Open: An uncensored memoir of love
Rachel Krantz notes at the start of the book: I obsessively documented my first non-monogamous and Dom/sub relationships. I’m talking not just journal entries, but hours and hours, days and days of audio recordings. In an attempt to feel some semblance of control, nothing was off-limits: dates, arguments, role-playing, trips to swingers’ resorts, moments I was being gaslit, and every single therapy session. Because I’m not only a person who clearly needs said therapy but also a journalist, I conducted many, many interviews along the way. These extensive records mean that people in this book are quoted in their own words verbatim where possible.
Despite this emphasis on primary sources, it’s important to remember that my story and perspective have many limitations. As the plot deepens (and darkens), it’s increasingly populated with a wider diversity of people and experiences, and with queerer stories. But it’s still primarily centered on two cisgender, white, non-disabled, U.S.-city-dwelling, middle-class, child-free, college-educated, thin, liberal, often-assumed-heterosexual, Jewish people in an open relationship. Not only that, but two people in a very gender-normative power dynamic, where the man is dominant and the woman is submissive. I implore you to seek out other non-monogamous and BDSM narratives from people with identities and experiences different from mine. This is in part a cautionary tale; a how-not-to manual as much as a how-to. (Content warning: explicit sex, drug use/addiction, sexual assault, self-injurious behavior/disordered eating, unethical BDSM, threesomes, foursomes, sixsomes, nonconsensual non-monogamy, abuse, gaslighting, misogyny and heterosexism, fuckboys, more fuckboys, Jewish mother savior complex, daddy issues, Disney…)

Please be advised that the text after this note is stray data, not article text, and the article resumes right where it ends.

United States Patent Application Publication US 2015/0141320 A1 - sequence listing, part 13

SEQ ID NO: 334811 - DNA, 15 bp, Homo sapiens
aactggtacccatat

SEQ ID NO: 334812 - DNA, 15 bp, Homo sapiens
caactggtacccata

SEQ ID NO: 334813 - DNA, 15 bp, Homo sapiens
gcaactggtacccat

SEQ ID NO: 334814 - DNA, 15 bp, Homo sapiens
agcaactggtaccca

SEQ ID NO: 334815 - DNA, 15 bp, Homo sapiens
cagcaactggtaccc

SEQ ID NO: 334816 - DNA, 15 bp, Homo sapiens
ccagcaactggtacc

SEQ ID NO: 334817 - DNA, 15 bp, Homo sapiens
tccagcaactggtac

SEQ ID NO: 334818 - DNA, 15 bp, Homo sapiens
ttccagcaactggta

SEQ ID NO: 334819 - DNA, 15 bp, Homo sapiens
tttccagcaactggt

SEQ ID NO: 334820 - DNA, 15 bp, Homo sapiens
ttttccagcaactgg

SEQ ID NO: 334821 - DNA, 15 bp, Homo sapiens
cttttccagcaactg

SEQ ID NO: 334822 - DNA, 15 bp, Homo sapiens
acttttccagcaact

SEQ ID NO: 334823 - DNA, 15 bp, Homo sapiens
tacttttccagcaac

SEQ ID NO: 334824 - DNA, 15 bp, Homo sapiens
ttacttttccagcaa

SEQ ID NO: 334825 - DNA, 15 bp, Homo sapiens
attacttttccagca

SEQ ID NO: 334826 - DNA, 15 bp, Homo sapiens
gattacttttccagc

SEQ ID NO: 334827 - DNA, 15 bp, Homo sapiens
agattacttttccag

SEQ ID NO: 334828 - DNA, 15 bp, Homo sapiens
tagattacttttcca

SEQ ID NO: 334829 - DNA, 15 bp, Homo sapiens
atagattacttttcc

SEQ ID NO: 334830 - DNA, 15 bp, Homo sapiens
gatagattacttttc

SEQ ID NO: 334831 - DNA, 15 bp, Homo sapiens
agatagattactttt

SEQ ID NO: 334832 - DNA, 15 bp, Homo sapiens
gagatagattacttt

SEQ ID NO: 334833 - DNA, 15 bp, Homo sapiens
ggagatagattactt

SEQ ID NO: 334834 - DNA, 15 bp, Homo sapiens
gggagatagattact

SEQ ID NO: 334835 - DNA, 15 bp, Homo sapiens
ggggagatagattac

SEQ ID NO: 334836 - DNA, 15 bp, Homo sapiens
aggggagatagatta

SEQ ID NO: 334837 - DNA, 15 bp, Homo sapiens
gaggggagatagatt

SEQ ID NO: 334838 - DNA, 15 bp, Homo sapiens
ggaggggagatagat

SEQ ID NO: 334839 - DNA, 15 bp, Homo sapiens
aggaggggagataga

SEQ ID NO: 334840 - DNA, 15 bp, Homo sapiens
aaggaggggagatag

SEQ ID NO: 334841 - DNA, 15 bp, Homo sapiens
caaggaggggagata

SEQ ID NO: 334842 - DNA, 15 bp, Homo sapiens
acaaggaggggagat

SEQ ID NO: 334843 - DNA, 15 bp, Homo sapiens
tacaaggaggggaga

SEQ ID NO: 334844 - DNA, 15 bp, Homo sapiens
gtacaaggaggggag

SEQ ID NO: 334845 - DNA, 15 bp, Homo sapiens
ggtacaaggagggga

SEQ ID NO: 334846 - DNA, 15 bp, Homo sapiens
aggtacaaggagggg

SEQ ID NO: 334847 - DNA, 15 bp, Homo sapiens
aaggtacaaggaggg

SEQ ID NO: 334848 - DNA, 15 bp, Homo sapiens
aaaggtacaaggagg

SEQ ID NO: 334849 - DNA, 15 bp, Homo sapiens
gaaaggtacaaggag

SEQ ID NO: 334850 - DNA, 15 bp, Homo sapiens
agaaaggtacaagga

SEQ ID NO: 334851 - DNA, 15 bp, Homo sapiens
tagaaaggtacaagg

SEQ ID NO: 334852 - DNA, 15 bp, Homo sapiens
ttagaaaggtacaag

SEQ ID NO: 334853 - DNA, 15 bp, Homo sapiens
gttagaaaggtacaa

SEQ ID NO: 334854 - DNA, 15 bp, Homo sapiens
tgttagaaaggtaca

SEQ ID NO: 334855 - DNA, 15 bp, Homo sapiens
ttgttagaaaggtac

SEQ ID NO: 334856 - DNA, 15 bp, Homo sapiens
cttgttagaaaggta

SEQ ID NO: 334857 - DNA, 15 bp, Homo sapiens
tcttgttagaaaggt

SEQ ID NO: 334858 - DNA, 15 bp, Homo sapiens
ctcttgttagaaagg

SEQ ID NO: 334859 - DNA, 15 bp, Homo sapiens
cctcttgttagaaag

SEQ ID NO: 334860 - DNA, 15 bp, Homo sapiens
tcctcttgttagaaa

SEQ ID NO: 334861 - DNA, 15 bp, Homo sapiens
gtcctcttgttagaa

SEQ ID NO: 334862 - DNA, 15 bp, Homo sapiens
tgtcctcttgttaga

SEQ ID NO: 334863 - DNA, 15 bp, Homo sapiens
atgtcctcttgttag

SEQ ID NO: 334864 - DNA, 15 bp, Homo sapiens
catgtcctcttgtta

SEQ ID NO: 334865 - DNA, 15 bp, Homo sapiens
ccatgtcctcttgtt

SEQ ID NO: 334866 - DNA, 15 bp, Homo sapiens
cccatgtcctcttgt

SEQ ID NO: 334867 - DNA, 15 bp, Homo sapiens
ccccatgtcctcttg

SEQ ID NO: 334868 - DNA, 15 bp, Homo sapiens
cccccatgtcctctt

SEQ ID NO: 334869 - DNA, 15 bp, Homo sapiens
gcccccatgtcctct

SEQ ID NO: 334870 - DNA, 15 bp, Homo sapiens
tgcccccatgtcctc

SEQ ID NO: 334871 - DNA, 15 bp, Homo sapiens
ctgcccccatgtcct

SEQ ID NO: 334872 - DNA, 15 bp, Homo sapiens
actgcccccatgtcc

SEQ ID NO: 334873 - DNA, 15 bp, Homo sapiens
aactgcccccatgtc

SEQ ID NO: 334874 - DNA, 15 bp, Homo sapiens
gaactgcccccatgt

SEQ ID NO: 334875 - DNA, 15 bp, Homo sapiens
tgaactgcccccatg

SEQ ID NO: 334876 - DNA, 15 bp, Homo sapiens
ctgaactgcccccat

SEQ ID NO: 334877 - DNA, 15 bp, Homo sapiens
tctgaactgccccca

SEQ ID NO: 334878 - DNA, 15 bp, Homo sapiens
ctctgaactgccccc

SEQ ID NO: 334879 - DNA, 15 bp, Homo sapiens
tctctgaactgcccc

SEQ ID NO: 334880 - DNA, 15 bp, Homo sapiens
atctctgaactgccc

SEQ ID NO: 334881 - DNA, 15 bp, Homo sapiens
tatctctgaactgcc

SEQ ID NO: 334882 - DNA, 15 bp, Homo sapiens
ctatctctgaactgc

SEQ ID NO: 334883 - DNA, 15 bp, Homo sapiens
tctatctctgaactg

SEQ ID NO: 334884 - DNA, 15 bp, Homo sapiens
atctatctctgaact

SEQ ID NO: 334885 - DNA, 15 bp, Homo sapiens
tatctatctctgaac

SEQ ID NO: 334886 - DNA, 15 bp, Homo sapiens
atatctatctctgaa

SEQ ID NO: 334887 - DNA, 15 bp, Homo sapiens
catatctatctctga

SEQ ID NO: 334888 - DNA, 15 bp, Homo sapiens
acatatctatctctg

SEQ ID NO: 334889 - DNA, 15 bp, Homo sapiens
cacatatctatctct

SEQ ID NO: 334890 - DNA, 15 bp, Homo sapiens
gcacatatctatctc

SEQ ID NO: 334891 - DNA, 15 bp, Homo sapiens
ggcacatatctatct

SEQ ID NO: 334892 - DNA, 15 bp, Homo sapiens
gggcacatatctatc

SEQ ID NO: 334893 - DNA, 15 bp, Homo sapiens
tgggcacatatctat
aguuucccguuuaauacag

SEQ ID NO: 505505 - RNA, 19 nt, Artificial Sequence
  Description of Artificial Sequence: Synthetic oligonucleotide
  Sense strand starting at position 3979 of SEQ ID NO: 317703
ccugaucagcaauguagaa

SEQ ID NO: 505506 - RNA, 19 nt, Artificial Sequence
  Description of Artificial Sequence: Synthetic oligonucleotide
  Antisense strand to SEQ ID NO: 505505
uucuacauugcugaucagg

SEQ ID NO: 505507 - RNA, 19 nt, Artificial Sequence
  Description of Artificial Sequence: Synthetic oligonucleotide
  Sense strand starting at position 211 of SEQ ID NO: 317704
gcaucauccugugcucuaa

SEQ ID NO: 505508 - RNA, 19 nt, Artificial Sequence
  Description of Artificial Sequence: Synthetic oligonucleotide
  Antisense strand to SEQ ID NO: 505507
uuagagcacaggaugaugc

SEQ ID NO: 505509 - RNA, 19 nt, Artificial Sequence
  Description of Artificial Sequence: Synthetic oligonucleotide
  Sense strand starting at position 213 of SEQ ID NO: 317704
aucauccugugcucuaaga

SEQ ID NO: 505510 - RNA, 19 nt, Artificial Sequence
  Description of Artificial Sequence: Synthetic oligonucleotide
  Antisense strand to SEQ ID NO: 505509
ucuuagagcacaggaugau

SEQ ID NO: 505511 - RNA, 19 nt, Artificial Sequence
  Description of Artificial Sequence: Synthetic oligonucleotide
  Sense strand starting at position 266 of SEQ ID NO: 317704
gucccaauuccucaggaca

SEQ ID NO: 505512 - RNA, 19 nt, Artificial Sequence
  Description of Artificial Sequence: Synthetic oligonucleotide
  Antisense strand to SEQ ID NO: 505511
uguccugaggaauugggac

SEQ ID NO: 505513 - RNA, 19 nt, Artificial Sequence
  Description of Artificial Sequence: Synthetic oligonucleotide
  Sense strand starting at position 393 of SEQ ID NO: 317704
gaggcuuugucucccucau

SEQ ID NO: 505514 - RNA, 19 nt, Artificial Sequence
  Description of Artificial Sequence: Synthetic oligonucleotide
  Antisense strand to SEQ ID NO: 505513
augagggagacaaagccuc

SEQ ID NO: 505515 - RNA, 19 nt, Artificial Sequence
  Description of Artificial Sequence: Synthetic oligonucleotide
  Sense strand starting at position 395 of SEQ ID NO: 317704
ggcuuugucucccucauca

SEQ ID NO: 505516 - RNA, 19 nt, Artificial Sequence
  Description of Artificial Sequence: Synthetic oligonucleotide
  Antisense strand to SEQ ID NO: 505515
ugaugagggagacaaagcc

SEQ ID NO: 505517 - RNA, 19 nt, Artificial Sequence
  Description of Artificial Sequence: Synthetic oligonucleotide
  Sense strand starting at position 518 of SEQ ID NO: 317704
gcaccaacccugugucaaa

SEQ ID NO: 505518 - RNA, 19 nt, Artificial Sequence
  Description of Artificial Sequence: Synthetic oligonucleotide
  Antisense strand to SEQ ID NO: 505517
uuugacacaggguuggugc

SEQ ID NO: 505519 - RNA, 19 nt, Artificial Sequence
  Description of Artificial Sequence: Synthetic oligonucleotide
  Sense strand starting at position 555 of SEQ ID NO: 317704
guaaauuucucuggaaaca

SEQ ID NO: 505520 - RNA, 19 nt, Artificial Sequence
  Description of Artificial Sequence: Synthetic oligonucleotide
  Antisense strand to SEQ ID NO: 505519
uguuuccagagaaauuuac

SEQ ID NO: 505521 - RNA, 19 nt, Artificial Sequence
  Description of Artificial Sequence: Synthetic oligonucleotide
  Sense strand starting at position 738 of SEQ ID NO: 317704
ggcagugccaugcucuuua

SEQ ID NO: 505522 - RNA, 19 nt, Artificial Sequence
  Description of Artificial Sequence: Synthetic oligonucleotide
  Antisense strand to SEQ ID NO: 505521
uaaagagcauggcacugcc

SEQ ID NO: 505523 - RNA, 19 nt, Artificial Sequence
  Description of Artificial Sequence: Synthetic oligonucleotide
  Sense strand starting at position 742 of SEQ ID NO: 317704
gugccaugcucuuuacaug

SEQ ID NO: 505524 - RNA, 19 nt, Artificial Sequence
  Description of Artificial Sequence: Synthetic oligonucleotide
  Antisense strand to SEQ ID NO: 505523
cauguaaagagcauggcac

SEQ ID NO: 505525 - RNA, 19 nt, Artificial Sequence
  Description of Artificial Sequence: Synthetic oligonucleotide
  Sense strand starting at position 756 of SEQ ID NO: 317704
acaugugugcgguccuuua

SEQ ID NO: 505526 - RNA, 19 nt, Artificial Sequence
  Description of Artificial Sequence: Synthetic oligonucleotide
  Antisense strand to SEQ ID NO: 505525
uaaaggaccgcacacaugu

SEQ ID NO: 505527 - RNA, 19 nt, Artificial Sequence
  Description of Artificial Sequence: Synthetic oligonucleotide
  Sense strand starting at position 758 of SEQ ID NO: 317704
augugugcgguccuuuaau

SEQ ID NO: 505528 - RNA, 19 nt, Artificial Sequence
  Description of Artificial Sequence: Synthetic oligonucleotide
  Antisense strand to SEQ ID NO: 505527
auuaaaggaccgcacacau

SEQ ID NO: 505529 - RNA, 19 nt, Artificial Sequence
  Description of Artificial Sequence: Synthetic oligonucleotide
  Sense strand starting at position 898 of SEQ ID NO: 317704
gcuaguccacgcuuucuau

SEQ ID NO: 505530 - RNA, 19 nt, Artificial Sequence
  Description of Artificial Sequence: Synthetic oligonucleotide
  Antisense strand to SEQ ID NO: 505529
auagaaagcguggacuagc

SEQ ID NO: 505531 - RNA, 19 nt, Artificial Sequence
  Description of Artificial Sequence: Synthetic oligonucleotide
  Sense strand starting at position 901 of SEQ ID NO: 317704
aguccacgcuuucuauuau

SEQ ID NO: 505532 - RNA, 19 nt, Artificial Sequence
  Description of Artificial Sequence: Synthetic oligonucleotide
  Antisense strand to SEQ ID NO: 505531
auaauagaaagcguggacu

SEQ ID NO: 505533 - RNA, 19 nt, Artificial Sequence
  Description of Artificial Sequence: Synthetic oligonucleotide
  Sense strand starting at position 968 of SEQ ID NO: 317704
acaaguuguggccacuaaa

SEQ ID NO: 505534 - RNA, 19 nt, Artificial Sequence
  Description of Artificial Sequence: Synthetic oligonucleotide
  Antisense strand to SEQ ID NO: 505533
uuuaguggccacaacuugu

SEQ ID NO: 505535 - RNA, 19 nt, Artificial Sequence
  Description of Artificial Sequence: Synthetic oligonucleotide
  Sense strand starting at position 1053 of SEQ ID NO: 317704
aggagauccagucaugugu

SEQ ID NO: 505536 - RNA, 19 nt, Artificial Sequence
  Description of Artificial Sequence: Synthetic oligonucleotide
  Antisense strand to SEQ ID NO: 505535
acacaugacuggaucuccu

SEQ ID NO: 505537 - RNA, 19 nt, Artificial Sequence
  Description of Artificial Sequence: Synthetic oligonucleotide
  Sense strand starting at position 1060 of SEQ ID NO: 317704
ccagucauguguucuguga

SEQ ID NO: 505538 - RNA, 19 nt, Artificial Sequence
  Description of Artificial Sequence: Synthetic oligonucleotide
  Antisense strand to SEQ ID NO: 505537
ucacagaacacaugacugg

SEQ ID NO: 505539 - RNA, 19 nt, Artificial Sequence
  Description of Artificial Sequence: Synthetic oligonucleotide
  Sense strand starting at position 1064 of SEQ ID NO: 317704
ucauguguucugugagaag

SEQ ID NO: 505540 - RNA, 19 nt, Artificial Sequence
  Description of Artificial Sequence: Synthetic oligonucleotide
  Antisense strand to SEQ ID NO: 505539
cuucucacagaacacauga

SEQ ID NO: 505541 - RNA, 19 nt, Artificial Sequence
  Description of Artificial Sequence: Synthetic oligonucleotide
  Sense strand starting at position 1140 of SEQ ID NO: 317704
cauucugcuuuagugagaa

Writing memoir is by necessity an act of approximation. There’s a dangerous compounding of that approximation if my specific experience is made to stand as a definitive representation of any lifestyle or identity. I am certainly no perfect role model—I am simply the investigative subject I have most complete access to.